Aida By Elton John and Tim Rice
Directed by Derek Critzer
Musical Direction by Don Hopkinson
Starring LaDawn Taylor, Tony Flaherty, and Emily Granger
Clandestine Arts presenting at The Venue, Orlando FL
Strip away the foreign language and overwrought sopranos and most operas have reasonable interesting story lines: they tend to focus on cross-class forbidden romance and “Aida” is no exception. This is one of Verdi’s biggest hits, and the song writing team of Elton John and Tim Rice brushed it up to fit into the cannon of modern America Musical Theater. Aida (Taylor) is a princess of Nubia, and she and her peeps are out seeing the countryside when Radames (Flaherty) stops by to invade. The girls are captured and made slaves, but something about Aida catches his eye and he saves them from the certain death of working the copper and arsenic mines of Egypt. He sends Aida as a wedding present to his fiancé Amneris (Grainger), and while Aida is technically slave, here skills with color and fashion soon elevate her status to BFF. But this is still an opera at heart and if there’s a woman’s name in the title she will certainly die sometime around the last aria. Aida holds to this convention; everyone dies but you can still see them in a museum somewhere.
Sound in The Venue can be problematic, but musical director Don Hopkinson got everything damped down for the 8 piece band backing this show. While the acting tends to the wooden, when this cast opens it pipes to sing magic occurs. Radames starts strong with “Fortune Favors the Brave;” it’s a German lieder and it does a nice job of setting up the military and political backstory of this ill-starred romance. The upbeat, blow out number comes from Amneris and her court, “My Strongest Suite” makes full use of the run way that goes completely through audience seating and brings a 1980’s MTV energy to her ill starred love life. Aida gets here share of good tunes as well, “Easy as Life” and “Elaborate Lives” (in duet with Radames) gets both your blood and your hormones pumping. Even Zoser (J, Michel Werner) (Radames’ scheming father and 5th element in the story) gets a rafter rouser on “Like Father, Like Son.” Later local favorite Barry G. White drops in as the Nubian King Amonasro, but he’s not on stage as long as you’d like and doesn’t even get a song of his own.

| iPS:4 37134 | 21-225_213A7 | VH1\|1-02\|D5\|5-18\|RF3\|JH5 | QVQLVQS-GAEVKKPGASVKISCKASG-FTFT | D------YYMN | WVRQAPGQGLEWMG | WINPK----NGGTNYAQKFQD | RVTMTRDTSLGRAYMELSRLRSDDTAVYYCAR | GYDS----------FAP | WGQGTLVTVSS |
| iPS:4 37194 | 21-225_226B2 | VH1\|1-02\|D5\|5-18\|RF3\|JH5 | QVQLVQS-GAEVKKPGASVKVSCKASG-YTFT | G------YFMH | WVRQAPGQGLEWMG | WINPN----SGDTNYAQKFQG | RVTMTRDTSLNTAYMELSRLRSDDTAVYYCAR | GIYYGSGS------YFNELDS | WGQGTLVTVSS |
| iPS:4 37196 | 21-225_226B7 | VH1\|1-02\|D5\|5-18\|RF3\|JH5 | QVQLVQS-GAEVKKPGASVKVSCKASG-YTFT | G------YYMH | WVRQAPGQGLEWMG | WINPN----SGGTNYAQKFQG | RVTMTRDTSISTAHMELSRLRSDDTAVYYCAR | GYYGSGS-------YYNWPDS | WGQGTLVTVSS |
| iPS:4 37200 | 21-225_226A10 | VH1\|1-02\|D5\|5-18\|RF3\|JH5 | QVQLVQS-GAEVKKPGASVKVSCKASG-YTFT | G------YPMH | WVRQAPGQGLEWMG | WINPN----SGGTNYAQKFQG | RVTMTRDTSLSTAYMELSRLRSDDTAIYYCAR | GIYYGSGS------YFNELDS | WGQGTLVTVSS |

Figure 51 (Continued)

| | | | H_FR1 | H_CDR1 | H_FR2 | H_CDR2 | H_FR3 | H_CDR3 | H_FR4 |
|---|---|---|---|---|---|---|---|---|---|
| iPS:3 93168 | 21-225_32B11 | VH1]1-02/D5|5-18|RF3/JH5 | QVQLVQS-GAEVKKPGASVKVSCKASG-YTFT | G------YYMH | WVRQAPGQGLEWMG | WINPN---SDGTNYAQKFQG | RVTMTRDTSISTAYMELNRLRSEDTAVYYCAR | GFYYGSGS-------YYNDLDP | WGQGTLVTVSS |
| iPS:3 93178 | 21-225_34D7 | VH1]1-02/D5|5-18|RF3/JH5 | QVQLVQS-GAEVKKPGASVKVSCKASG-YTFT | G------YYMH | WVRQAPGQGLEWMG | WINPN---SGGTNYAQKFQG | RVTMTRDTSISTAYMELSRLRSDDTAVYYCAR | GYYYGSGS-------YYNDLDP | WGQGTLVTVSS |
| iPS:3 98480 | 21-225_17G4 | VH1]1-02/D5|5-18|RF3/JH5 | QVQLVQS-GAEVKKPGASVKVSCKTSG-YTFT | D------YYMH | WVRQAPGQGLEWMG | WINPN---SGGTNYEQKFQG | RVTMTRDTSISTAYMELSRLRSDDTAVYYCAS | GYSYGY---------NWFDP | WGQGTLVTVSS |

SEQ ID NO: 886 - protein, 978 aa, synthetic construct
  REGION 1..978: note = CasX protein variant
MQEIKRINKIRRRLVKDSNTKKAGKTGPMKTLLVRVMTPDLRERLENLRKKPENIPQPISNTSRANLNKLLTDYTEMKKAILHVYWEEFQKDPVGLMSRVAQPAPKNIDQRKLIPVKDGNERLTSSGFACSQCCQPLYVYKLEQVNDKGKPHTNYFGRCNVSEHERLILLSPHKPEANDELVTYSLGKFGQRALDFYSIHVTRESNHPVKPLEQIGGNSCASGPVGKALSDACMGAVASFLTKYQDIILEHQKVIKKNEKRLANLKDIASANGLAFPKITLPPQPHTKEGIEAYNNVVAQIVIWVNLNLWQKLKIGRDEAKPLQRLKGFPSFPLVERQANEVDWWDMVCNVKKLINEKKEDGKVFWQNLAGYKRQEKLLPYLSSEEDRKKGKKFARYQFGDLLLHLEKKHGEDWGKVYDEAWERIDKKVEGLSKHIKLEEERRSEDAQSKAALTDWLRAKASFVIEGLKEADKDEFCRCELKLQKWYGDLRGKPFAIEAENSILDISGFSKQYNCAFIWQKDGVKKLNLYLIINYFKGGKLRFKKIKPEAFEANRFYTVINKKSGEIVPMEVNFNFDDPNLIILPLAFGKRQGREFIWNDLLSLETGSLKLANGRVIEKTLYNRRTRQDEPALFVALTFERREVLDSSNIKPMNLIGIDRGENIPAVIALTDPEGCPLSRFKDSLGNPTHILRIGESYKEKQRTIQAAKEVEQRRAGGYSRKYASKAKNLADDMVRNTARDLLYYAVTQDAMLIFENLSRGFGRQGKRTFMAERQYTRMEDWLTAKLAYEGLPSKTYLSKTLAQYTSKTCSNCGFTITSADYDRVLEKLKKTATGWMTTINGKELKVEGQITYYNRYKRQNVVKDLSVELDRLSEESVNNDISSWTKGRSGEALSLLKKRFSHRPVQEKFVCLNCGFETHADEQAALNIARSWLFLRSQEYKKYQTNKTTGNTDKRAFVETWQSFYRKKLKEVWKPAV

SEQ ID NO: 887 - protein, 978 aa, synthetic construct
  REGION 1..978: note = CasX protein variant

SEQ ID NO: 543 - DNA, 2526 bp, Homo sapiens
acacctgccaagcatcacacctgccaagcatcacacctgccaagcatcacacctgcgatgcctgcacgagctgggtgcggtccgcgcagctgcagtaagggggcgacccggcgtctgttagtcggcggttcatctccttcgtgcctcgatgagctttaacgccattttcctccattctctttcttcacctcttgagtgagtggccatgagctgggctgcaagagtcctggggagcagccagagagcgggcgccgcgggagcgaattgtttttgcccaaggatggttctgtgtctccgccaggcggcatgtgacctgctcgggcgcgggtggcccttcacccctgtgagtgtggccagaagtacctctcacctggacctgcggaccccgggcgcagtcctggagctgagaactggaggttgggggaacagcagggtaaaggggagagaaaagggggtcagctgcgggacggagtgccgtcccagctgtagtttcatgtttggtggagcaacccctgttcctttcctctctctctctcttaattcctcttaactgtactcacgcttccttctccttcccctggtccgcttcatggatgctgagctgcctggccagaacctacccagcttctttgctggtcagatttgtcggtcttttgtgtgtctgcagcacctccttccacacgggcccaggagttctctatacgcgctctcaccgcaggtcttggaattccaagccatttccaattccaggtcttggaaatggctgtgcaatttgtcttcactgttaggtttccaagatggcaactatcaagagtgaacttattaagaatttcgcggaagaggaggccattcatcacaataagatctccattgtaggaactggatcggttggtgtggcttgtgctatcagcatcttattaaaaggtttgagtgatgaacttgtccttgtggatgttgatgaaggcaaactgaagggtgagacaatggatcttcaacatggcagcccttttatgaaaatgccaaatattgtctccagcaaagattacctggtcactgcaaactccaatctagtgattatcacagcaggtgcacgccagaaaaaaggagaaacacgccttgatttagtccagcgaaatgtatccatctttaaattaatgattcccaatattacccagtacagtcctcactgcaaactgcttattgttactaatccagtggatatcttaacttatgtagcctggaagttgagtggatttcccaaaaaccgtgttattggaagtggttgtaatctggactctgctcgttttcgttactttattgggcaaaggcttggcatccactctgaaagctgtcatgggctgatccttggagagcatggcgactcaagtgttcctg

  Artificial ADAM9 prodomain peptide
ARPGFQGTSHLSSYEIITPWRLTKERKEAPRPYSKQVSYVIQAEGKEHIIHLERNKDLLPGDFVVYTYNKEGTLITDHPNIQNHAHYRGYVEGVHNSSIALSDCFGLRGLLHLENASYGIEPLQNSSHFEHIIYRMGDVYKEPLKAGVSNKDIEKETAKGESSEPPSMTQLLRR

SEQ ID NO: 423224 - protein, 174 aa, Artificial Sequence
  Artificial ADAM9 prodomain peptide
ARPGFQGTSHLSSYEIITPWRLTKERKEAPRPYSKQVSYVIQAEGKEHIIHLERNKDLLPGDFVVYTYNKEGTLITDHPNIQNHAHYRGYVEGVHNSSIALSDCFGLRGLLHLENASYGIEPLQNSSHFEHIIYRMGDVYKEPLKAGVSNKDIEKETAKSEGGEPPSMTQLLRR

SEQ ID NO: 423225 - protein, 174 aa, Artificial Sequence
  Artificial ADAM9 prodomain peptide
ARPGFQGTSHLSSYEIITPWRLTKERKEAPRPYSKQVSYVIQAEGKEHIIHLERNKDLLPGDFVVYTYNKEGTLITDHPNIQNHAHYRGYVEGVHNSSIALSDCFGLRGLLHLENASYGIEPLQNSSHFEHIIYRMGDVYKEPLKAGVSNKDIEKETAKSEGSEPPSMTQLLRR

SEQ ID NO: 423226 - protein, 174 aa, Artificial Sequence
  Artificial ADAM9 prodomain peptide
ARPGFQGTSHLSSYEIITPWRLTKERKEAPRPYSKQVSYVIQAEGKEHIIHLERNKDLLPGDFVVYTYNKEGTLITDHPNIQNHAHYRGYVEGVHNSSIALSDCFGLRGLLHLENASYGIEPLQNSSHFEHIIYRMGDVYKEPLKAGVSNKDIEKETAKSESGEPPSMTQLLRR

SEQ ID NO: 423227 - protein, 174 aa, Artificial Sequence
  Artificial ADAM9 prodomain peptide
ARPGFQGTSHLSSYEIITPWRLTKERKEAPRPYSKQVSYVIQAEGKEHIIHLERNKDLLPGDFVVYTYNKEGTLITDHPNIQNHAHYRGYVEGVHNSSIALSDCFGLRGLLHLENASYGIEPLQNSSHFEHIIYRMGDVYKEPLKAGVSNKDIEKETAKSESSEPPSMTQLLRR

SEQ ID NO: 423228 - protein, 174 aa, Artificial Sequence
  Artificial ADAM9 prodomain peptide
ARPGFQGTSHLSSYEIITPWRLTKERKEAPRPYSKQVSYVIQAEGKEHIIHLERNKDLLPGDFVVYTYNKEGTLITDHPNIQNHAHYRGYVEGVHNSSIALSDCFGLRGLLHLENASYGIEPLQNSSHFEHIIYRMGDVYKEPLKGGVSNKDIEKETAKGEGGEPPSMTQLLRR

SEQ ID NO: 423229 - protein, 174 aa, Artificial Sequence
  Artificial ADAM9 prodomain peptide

Sometimes adaptations can go awry, but this one is quite effective. It’s much shorter than the full opera and you can follow it if even if your Italian isn’t very good. While it retains the flavor of the original, here the emphasis is not just on the pain Aida suffers, but we see more of how those around her feel. Life in ancient Egypt certain was brutish, painful and short, but love still worked just about as it does today. Plus, we have air conditioning and well balanced sound, and that’s nothing to sneeze at.
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